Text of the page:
What does it mean to be a true Martial Arts Master? We often have visions of a little Japanese master who lives high on a misty mountain. Only he has the real secrets of self-defense. He is a magical man, impervious to pain and unbeatable in battle. Although weak, he has the strength of 10 men. The words he tells you answer all of life’s questions. But those are the movies my friends! I have met many true martial arts masters and some consider me one. I can tell you – the movie version is fiction! There are no martial arts masters! But there ARE Master Instructors.
It’s a shame that most of our martial arts knowledge comes from martial arts movies. Works of fiction, showing us the story we want to be real, but just isn’t. The truth about martial arts masters is that they are not magical men, impervious to pain and unbeatable in battle. They are mostly older gentlemen, who have aching joints, old injuries, scars and will avoid fights or violence of any kind if given the choice. But that doesn’t really make for a good story. We don’t want martial arts masters to be like us – or our grandfathers. We want them to have conquered aging, found the magic diet, be able to stomp a 300lb man with a lightning fast cam hand to the groin. They never had to work, for with their monkish demeanor and amazing combat skills, they amassed wealth from their days as wealthy samurai and then retired to a life in a bamboo hut in the hills, eating what they grew and living on the gifts of those students who make the journey to learn its secrets.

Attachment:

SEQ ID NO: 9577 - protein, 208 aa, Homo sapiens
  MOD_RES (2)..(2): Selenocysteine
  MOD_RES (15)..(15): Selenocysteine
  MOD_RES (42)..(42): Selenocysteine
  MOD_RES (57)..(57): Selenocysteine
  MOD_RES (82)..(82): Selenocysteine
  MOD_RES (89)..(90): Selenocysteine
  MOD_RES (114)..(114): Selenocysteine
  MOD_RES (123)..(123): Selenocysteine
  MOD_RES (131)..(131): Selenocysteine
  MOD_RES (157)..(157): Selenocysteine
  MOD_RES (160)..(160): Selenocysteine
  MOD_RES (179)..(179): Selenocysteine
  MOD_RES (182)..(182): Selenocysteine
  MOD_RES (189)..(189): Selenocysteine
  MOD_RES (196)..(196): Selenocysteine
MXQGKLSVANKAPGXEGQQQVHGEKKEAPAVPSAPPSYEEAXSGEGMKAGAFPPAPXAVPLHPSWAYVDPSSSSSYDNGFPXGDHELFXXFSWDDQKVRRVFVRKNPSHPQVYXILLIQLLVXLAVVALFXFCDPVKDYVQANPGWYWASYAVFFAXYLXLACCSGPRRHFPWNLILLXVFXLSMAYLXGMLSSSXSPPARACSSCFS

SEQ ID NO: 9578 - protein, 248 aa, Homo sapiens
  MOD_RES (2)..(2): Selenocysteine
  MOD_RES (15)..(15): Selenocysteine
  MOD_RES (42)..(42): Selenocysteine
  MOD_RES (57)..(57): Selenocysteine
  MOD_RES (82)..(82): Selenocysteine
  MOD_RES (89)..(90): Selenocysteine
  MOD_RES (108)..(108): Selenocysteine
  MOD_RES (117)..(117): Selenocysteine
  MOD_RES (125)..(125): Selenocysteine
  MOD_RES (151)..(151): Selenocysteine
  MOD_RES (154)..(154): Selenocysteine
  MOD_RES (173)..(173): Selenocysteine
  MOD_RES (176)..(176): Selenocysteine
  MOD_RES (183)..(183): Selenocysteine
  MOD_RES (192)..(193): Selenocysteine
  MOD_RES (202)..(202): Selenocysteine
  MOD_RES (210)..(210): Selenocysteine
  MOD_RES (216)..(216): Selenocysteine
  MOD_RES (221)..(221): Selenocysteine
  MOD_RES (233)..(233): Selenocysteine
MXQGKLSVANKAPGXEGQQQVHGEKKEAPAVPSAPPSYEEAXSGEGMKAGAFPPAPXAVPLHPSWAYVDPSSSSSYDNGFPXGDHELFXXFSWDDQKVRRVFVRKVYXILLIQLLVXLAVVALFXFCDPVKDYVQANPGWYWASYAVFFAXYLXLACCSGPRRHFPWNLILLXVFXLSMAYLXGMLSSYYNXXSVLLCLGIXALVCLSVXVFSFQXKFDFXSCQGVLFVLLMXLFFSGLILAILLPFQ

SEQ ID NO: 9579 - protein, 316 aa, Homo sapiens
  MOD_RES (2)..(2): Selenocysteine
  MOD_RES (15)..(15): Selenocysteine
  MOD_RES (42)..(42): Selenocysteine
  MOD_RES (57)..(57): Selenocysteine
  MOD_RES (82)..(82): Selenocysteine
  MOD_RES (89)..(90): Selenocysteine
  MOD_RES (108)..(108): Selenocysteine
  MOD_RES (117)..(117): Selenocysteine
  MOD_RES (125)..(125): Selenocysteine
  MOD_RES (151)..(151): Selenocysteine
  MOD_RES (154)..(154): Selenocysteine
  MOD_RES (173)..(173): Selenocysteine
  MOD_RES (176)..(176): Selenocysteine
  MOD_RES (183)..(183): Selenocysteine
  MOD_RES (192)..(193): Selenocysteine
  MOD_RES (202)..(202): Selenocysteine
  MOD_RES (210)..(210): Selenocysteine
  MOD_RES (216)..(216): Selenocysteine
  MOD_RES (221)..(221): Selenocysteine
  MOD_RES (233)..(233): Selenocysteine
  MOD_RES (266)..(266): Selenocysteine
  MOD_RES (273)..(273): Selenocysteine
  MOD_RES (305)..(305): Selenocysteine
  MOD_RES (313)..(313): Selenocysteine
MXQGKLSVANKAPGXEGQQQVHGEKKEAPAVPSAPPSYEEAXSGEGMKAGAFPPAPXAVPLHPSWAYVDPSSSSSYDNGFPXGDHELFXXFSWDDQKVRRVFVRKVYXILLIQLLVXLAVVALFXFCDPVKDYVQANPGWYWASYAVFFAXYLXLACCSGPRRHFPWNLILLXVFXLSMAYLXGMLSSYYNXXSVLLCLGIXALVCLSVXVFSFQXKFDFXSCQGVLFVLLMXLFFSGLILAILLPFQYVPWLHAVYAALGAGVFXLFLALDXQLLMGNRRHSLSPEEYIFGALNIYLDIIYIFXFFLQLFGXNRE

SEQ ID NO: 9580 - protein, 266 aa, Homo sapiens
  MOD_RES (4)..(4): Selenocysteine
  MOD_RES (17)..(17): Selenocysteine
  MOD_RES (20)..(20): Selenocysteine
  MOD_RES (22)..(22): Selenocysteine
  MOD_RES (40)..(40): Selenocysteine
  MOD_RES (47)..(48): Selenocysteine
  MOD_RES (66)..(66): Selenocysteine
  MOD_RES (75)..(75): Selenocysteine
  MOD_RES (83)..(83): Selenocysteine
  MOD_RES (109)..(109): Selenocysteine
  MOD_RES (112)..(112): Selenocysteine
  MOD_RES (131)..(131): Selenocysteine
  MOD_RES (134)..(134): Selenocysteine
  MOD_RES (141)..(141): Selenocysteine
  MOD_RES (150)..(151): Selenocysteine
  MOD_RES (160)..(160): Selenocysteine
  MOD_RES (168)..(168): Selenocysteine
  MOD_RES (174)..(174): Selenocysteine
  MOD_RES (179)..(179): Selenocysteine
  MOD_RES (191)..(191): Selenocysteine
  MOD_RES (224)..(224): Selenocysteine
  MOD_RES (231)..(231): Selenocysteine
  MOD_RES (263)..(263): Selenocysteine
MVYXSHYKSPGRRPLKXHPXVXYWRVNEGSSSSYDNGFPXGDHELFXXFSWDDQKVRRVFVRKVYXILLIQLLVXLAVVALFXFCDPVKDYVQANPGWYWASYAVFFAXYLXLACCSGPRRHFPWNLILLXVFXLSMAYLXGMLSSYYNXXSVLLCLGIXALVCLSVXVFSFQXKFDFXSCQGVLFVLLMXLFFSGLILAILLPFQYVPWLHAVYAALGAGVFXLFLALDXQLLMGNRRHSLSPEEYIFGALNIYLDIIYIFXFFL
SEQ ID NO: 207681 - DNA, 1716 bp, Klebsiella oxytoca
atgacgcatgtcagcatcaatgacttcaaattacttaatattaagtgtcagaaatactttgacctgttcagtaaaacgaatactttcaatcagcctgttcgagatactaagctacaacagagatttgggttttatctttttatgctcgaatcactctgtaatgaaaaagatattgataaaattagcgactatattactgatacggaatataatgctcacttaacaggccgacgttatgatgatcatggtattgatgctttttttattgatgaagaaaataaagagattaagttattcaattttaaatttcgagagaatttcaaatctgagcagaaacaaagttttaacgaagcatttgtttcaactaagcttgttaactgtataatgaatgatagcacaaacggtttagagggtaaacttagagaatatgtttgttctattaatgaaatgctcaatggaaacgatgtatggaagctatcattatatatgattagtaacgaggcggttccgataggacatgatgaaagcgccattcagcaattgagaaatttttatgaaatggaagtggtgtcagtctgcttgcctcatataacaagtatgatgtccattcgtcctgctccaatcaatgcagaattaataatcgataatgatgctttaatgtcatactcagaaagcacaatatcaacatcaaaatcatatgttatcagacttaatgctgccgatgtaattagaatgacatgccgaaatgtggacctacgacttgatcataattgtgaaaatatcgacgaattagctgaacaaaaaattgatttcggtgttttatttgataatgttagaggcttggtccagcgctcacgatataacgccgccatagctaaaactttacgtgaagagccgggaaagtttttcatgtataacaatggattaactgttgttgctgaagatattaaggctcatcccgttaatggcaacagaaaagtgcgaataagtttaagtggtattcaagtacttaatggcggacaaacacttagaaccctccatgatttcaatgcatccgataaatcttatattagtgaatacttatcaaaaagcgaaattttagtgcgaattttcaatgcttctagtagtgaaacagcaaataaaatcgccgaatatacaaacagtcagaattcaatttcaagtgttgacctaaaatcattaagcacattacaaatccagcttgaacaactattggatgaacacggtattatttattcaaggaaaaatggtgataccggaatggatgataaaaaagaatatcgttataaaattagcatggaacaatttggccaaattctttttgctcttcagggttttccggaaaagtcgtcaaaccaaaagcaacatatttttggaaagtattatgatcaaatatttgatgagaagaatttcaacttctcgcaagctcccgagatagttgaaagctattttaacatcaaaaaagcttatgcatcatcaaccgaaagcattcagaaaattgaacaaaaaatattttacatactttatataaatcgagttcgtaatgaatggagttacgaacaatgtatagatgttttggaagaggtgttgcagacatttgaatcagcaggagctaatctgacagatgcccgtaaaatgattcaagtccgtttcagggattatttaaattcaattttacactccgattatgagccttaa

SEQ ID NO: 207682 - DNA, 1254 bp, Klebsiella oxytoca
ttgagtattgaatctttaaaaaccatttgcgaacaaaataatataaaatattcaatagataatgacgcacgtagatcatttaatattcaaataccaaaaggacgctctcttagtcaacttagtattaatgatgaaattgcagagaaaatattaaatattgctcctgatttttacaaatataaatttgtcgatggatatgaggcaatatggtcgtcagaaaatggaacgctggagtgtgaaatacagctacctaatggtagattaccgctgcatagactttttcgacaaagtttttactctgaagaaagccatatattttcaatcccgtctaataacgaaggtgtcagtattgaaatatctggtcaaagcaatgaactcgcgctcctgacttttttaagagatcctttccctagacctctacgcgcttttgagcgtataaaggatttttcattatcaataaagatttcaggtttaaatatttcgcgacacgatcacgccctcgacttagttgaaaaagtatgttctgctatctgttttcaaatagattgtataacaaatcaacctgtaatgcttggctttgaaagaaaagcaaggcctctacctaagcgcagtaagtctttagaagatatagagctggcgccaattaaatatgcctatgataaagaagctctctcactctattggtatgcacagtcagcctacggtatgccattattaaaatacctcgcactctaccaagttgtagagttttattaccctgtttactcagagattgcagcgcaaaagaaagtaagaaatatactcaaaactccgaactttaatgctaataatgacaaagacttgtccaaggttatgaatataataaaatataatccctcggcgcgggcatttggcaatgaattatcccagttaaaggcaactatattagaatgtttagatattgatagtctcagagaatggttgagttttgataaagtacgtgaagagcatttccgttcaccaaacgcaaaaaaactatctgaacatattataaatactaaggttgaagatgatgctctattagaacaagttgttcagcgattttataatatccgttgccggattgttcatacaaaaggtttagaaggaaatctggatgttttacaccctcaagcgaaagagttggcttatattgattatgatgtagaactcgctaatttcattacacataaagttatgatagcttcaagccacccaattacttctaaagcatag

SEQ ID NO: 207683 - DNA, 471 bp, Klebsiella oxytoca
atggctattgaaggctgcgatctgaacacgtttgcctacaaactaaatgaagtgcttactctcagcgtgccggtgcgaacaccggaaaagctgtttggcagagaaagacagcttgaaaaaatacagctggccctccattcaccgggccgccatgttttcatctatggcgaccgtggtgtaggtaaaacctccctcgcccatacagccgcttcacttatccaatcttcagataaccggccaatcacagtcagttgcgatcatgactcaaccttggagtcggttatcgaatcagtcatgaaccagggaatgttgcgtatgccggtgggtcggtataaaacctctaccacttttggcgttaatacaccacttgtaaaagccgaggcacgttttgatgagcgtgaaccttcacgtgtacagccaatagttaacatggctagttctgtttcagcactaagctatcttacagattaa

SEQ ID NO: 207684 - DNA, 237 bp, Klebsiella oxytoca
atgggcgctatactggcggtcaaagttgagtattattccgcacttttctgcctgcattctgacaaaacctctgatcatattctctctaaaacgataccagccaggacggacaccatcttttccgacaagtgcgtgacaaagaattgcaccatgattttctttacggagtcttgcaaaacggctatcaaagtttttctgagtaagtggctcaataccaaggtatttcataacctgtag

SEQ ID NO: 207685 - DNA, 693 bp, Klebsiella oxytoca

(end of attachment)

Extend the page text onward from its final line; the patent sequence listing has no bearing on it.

That’s a real shame – because we miss the real importance to the martial arts of someone who has devoted most of his life to a martial art.
What we don’t embrace in our lack of understanding of martial arts mastery – is exactly what is mastered – and how.
Let me get into the how first. How do you become a martial arts master? Education. Endless, painful training. Week after week, month after month, year after year, for decades. From this training comes the technical skills necessary to become a martial arts master. He had to follow the same path as all students under the watchful eye of a sensei to learn the basic, intermediate and advanced techniques of one or more self-defense systems. Once he got the black belt (if the system uses that ranking), he now has to spend years honing those skills. Practice, fight, compete, train. After about ten years, he will have mastered the curriculum that forms his basic skills quite well. But he is still not a master.
After about ten years of training comes the “seasoning” period where the practitioner becomes aware of his place in the dojo and in the lineage of the dojo. He begins to understand the role and responsibility of being a Sempai first and a Sensei second. There will be a beginning to understand how knowledge can be passed on to others. Until now there has been an inward focus – which must now be turned outward. There was taking, where now must be given. Also comes an understanding of what it takes to run a class and perhaps a dojo. There are business aspects and security aspects. One learns how to deal with the many types of personalities that new students and less new students bring. All the while, this man must maintain control of his own life outside the dojo. In this modern world, we cannot retreat to previous centuries – we live here and now. We deal with insurance and bills and jobs and family and cars and laws and permits and kids. We have responsibilities to our physical-genetic families and our martial arts families. On the way to mastery, this sensei will have to learn to juggle all those responsibilities. Sometimes he will and sometimes he won’t.